According to a recent report by PricewaterhouseCoopers and National Venture Capital Association, approximately $58 billion was invested in 2015. This highest total in fifteen years is a positive indicator for startups and entrepreneurs looking for capital to launch the their next big idea.
Total U.S. Investments by Year
Source: PricewaterhouseCoopers/National Venture Capital Association MoneyTree™ Report, Data: Thomson Reuters
While this is certainly good news, the fourth quarter total of $11.34 billion represents a significant drop from the previous quarter (with a total of $16.61 billion invested). This has many wondering if this is the beginning of the next bust cycle. The only year to beat 2015 in terms of total investments was the year 2000 when a staggering $104 billion was invested. The year 2000 holds special significance — especially for those in the tech world — as it marked the beginning of the dotcom crash that ended in 2002 when only $22 billion was invested (which started a trend of relatively low annual investment totals until very recently).
It is easy to see the parallel between today and 2000, but some argue that the environment today is different. In 2000, when the internet was younger and more chaotic, investors jumped at anything that looked like it could be the next big thing. Today, investors are more cautious. They are still looking for big ideas — but are also interested in how the company will make money. In 2000, it was more unclear how online companies could profit, but today there are many standardized business models that companies can build into their plan. And in the overall scheme of things, the fourth quarter of 2015 was actually very good ranking in the top 15% of all quarters since 1995.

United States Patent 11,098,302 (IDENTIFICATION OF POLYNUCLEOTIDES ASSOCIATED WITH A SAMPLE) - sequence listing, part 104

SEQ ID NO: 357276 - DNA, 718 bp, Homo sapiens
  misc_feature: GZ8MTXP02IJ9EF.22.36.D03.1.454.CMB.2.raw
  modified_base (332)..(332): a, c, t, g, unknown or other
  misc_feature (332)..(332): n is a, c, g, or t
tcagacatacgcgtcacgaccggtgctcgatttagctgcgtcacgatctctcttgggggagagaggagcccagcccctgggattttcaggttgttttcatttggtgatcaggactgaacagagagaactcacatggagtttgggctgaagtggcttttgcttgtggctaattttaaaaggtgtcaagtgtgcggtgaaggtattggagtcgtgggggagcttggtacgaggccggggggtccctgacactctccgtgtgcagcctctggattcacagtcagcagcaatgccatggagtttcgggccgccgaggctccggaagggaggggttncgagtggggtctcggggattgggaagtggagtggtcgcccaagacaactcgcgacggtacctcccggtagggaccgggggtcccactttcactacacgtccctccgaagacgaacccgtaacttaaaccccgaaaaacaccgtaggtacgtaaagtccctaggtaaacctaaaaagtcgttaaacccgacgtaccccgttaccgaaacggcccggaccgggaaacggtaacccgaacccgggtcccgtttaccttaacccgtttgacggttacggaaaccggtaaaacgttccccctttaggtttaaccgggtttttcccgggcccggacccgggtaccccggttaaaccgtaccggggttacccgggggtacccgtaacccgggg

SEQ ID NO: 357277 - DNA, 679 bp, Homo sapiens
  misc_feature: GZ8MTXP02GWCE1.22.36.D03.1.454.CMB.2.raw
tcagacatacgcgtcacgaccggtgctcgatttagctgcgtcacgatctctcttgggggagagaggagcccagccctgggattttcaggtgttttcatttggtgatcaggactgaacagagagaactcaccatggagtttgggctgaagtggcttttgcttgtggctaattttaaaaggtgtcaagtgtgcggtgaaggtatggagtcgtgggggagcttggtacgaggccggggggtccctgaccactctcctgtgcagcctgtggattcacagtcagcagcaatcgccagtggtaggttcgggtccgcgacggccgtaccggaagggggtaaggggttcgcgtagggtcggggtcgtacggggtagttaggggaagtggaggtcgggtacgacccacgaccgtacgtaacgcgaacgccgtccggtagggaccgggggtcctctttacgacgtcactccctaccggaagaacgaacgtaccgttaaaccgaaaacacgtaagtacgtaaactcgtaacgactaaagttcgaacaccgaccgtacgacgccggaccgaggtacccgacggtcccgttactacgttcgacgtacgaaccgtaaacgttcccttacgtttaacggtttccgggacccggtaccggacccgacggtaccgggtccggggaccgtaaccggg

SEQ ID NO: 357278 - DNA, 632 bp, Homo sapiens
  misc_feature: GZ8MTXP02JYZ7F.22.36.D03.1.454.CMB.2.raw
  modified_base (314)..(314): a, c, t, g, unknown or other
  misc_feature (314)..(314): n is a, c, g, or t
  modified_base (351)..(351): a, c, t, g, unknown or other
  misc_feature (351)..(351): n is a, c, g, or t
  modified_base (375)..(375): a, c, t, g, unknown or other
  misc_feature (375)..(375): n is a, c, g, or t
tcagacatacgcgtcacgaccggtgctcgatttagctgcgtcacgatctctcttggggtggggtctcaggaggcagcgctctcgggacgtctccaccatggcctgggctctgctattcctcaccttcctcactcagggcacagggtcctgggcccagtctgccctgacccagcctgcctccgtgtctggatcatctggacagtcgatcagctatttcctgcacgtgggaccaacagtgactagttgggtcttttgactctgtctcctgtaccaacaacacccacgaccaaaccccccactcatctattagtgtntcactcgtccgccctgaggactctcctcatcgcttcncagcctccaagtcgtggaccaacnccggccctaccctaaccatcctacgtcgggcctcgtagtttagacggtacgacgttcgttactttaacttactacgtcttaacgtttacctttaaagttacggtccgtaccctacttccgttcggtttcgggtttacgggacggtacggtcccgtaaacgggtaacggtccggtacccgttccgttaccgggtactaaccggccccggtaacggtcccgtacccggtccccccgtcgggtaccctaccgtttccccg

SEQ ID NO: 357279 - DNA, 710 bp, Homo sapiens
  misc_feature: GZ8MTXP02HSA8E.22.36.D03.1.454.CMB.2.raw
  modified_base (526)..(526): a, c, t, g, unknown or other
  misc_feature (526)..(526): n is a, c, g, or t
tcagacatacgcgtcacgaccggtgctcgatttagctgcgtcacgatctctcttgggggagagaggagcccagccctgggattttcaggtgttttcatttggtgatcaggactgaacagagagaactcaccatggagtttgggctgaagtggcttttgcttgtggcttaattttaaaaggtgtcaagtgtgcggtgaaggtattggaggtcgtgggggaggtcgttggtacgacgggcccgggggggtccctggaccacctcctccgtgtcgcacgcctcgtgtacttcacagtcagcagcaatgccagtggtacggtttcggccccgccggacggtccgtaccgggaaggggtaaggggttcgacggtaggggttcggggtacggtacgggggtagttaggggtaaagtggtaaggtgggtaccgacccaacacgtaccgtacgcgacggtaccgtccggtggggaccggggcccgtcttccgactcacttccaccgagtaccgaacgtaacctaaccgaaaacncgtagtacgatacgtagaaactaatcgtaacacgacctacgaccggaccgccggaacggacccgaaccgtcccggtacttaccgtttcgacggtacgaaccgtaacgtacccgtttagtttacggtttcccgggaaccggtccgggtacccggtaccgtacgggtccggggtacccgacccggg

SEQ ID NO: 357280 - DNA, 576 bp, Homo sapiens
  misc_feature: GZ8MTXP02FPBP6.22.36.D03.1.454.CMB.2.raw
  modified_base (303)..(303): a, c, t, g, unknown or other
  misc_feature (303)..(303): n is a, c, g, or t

Others argue that what goes up, must come down. While investors and tech companies have seemingly worked out some of the instability associated with ventures during the dotcom bubble, it is not inconceivable that we are currently in a smaller one that could burst in 2016.